Double Indemnity ~ by James M. Cain

Interesting book which, although I’d certainly heard of many times, I’d managed to miss reading or seeing the movie (I don’t often go to movies).

Double Indemnity
by James M. Cain
1946 / 224 pages 
read by James Naughton. 3h 16m
rating:  A+ / crime  – noir

First published in 1943 it’s definitely noir of the Los Angeles variety.  Not as good as Raymond Chandler and I won’t compare to other LA detective novels – of which there are many and I’ve not read more than a good sampling.  I also think it’s better than other 1940s detective fiction set elsewhere – but again,  except for Chandler (my fave).  

So it’s hard-boiled in its own way, fast-paced with minimal, no-nonsense dialogue (“Just the facts, Ma’am.”) which seems somewhat racist in places (but wasn’t for that era).  There’s a tough guy attitude about the first person protagonist, Walter Huff, who is an insurance agent and actually that’s the case with all the characters except the young adult daughter of a major player.  The other fascinating character is the insurance-buying wife of the murder victim.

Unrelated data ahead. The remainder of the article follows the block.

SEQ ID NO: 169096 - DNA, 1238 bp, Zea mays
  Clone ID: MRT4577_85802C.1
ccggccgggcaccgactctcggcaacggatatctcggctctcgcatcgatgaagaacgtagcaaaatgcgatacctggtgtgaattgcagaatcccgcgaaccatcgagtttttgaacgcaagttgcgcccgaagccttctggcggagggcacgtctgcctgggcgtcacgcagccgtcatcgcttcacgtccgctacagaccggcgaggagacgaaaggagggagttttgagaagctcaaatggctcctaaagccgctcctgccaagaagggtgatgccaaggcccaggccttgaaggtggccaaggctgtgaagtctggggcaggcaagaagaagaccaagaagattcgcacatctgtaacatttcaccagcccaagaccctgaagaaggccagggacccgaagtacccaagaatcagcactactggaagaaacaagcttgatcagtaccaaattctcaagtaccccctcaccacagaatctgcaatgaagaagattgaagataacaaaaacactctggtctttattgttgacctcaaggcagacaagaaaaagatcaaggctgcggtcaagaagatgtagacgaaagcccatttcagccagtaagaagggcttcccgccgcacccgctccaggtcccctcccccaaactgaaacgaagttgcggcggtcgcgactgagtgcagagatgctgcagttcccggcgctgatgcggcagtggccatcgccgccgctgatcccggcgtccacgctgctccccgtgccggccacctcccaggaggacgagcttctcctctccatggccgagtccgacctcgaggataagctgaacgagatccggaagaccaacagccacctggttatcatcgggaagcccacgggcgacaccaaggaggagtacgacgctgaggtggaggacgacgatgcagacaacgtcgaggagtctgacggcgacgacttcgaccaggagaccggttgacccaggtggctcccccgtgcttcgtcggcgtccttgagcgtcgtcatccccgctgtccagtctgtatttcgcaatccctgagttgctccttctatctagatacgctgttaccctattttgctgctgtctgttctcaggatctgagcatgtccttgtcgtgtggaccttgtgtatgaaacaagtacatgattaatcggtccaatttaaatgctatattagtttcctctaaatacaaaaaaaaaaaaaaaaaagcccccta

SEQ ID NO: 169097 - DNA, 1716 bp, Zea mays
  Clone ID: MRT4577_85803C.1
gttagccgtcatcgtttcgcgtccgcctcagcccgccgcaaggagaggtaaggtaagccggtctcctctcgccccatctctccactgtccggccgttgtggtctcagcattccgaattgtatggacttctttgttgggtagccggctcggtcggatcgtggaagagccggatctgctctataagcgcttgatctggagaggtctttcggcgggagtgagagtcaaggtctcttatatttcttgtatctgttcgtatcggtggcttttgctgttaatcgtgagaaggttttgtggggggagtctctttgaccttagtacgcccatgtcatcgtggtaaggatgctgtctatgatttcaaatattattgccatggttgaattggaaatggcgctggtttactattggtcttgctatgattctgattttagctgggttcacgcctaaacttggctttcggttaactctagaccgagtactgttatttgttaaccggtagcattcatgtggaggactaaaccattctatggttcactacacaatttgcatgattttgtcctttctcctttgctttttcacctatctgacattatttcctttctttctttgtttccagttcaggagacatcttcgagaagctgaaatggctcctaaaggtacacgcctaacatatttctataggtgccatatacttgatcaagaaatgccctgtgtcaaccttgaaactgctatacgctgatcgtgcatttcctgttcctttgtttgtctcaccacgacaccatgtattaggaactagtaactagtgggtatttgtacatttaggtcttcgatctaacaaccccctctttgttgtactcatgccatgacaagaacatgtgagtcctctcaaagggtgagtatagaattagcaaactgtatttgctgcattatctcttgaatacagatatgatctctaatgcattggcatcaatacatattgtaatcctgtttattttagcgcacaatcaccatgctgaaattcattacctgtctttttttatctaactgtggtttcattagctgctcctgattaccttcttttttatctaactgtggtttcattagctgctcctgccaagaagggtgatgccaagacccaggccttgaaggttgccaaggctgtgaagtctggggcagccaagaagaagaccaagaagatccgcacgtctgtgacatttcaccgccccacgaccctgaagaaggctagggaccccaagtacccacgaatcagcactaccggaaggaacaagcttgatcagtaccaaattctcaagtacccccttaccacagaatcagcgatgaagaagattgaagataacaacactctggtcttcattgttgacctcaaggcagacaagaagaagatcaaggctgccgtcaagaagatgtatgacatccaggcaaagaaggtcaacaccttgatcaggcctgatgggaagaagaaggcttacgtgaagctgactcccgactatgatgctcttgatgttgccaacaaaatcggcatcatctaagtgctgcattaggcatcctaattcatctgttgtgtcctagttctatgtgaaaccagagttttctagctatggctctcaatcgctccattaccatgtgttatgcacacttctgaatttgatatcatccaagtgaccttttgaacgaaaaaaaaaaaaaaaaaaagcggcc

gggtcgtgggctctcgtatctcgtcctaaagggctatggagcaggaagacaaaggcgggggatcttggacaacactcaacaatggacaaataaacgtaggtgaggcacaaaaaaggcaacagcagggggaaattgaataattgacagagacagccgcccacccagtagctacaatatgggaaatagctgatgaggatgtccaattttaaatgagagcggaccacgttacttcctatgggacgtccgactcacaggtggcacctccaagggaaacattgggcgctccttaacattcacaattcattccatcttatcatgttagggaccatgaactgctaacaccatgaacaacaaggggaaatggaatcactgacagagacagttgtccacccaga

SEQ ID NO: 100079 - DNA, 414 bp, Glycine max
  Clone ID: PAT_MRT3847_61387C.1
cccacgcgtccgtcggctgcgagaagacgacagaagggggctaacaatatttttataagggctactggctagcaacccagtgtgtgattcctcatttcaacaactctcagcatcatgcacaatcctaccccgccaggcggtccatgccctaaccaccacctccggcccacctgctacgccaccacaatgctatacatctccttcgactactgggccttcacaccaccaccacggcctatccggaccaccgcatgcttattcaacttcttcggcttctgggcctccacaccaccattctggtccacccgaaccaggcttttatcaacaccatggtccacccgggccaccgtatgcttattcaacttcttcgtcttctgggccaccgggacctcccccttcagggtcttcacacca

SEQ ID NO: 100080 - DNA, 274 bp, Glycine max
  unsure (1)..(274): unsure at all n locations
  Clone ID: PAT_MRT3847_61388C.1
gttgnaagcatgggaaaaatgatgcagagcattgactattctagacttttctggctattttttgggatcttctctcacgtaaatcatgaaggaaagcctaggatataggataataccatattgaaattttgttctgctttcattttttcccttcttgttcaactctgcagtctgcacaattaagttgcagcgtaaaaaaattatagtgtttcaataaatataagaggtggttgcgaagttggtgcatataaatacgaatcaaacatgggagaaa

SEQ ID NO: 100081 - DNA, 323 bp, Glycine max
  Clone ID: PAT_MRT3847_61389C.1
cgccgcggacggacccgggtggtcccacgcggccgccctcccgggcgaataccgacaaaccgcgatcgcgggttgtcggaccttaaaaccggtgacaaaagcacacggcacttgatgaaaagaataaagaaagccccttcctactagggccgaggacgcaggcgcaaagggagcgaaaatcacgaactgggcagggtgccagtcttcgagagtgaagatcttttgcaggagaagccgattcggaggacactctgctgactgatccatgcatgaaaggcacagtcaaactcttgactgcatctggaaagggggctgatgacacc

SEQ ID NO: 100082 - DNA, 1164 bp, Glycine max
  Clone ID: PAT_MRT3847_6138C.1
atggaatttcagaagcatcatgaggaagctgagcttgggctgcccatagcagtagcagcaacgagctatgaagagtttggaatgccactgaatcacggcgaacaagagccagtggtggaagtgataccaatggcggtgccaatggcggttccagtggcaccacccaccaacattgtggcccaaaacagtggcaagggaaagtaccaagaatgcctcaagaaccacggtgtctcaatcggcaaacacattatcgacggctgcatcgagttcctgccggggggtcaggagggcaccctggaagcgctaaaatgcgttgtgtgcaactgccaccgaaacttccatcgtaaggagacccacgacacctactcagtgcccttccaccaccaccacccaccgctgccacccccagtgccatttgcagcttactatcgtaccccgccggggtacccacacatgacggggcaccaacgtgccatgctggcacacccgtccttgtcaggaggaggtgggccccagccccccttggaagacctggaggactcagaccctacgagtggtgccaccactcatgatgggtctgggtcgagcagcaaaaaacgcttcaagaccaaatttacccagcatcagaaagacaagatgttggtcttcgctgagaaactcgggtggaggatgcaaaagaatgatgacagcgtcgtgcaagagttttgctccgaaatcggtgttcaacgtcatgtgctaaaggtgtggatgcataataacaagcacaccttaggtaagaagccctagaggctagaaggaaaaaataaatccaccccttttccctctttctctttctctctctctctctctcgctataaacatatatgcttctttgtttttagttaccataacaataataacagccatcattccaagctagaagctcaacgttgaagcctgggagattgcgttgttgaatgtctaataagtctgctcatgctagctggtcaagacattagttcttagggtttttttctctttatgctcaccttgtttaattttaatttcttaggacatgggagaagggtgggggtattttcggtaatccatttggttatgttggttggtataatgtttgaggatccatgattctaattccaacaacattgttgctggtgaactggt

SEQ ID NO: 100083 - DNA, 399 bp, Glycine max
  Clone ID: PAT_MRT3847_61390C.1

There’s a twisted plot for a 129-page novel (novella), but it was originally a short story (1936?).  It’s been made into several movies and is still not a regular “sale” item on Amazon or Audible.    

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